Talk:Hysteresis

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Basic definition of hysteresis is in hieroglyphs[edit]

The first sentence uses the terms

  • path-dependence
  • rate-independent memory

which as a general reader I have no clue what they are.

Can someone who knows the subject write a definition that is more understandable to a general audience?

Federico Grigio, alias Nahraana (talk) 18:20, 20 March 2008 (UTC)

Seconded. It's a difficult paragraph to digest for someone brand new to the field. Noxxeexxon (talk) 17:46, 22 September 2011 (UTC)

I've just looked at a half-dozen definitions - how's this [1]? I'm finding it difficult to phrase so that we don't talk about the rate of change with respect to time - it's not a differntiator or a high-pass filter. I thought working in the rubber band in the lead woudl be a good physical model, although I doubt many people ever notice that a rubber band stays longer the first time you stretch it. I'd like to mention the idea of "stickyness" in the lead, too. --Wtshymanski (talk) 19:13, 22 September 2011 (UTC)
I think you were headed in the right direction, Wyshymanski, but in my opinion the whole lead section needed major surgery to eliminate unnecessary terminology and a lot of redundancy. So I operated. RockMagnetist (talk) 23:55, 22 September 2011 (UTC)
Mmm, don't care for the results, nor for my last revisions either. "Memory" has absolutely the wrong connotations, especially for a reader sitting in front of a box with mumblety-mumble gigabytes of "memory". A path is a beaten down trail between the trees, or so may our reader think. What "path" are we talking about? And the lag is not a *time* lag; "lag" and "delay" imply time, and it's not necessarily anything to do with time. --01:51, 23 September 2011 (UTC)
From "Physics of Baseball& Softball" by Rod Cross, through the magic that is Google Books:

Hysteresis refers to the fact that different graphs of force vs. compression are obtained depending on whether the force is increasing or decreasing. A graph of force vs. compression ... for a metal spring is a straight line, and it is the same regardless of whether the force is increasing or decreasing. A graph of force vs. compression for a baseball...is a curved line and its shape does depend on whether the force is increasing or decreasing."

This is closer to what we need here, but has too much "whether" in it. --Wtshymanski (talk) 02:01, 23 September 2011 (UTC)

The problem is, talking about whether some input is increasing or decreasing implies that only the trend matters, when in fact a particular set of extrema is often what determines the output. I think "memory" has exactly the right connotations, because computer memory is based on hysteresis! RockMagnetist (talk) 02:38, 23 September 2011 (UTC)
You can make little BH loops, or bigger BH loops...but they are still loops even for small values of H. It's not the extrema that make hysteresis,its absolutely the history of the dependent variable - that's what the original, correct, but opaque lead meant by "path dependent". A flip flop is not a good model for hysteresis. The key element is that you don't get a single curve of effect vs. cause but instead varying results depending on the direction of change. --Wtshymanski (talk) 13:26, 23 September 2011 (UTC)
For an example where the trend doesn't matter, see the Stoner–Wohlfarth model, the main model for single-domain magnets (as are used in magnetic tapes, for example): the change in magnetization is reversible except at jumps. For what I mean by "a particular set of extrema", see the book by Mayergoyz. But we're getting off the topic of the lead section. I think my current revision is correct and a lot simpler than the one that Nahraana was complaining about. RockMagnetist (talk) 15:37, 23 September 2011 (UTC)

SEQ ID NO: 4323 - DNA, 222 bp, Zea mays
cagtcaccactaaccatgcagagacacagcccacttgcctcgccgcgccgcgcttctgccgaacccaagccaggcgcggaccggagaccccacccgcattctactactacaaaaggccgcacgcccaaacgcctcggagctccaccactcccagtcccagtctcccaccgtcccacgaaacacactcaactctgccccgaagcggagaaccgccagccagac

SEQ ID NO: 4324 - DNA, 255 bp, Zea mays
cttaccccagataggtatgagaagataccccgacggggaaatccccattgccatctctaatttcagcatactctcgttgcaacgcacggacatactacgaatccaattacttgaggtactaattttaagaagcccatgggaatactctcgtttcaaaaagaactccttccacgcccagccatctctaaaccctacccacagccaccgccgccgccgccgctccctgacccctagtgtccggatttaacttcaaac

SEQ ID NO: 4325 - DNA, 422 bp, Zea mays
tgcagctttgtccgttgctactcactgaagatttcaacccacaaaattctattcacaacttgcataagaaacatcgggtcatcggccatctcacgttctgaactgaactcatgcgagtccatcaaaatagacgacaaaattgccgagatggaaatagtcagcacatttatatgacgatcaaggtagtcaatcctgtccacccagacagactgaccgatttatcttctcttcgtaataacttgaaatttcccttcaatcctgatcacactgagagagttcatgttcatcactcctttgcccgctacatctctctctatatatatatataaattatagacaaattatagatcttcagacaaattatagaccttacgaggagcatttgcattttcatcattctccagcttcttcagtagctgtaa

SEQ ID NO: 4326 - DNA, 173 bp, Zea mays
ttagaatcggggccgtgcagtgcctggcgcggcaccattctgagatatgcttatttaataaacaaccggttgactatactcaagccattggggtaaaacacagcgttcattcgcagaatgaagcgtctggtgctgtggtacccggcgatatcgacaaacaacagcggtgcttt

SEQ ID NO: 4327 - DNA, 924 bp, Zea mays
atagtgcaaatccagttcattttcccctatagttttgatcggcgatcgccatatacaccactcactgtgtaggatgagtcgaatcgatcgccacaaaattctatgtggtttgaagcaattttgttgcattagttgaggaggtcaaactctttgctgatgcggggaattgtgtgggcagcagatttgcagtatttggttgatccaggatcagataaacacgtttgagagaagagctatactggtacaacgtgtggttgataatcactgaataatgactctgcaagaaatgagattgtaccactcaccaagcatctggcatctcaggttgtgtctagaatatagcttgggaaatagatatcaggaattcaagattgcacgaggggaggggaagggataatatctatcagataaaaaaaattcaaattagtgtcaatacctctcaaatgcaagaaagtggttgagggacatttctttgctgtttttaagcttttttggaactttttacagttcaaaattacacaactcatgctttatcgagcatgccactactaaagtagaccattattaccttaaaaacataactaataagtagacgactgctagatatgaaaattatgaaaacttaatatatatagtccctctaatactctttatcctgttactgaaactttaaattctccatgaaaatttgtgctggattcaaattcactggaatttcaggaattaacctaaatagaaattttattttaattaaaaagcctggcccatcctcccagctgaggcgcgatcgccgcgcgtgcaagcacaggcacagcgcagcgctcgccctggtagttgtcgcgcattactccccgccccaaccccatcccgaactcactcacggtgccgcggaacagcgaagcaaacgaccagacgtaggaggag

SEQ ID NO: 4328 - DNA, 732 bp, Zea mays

Consider Revising Or Replacing The Figure For Elastic Hysteresis Of A Rubber Band[edit]

The associated section describes the unloading and loading of weights attached to an "idealized" rubber band. Intuitively, as the rubber band is loaded, its length will extend and, as its length extends, its elasticity will decrease. As the elasticity of the rubber band decreases, the rate at which its length increases with additional loads likewise decreases. One would, therefore, expect, in the aforesaid figure, that the Force-Extension curve of the loading phase to approach a limiting Extension value. As the load or Force exerted on the band increases, the Extension will increase, eventually approaching, but never exceeding that limiting value. The Force-Extension curve should, therefore, eventually inflect upward. This is not depicted in the figure. The unloading phase would occur in an analogous manner.

The curve should resemble this:

http://www.revisionworld.co.uk/files/strain_33.gif —Preceding unsigned comment added by Atlasfugged (talkcontribs) 06:05, 10 October 2010 (UTC)


I agree. I propose that the figure be replaced so it provides a better graphical description.George Rodney Maruri Game (talk) 18:07, 7 November 2010 (UTC)

I can't remember whether this has any bearing on the matter, but the graph currently in the article is for Force against Extension, and the one linked above is for Tensile Stress against Tensile Strain. I recall that there are differences between the two types of graph, but I do not recall if there are differences between shapes of the curves. Viola16 (talk) 11:45, 21 November 2010 (UTC)

That's a good point about the axes. Stress, as I know it, is somewhat like Force / Area. Strain is somewhat like Length / Initial length. So the graphs appear at firs to be describing the same things. Of course, true vs engineering stress/strain should be specified, as this difference may influence the shape of the loading curves. —Preceding unsigned comment added by 129.138.44.221 (talk) 21:21, 22 November 2010 (UTC)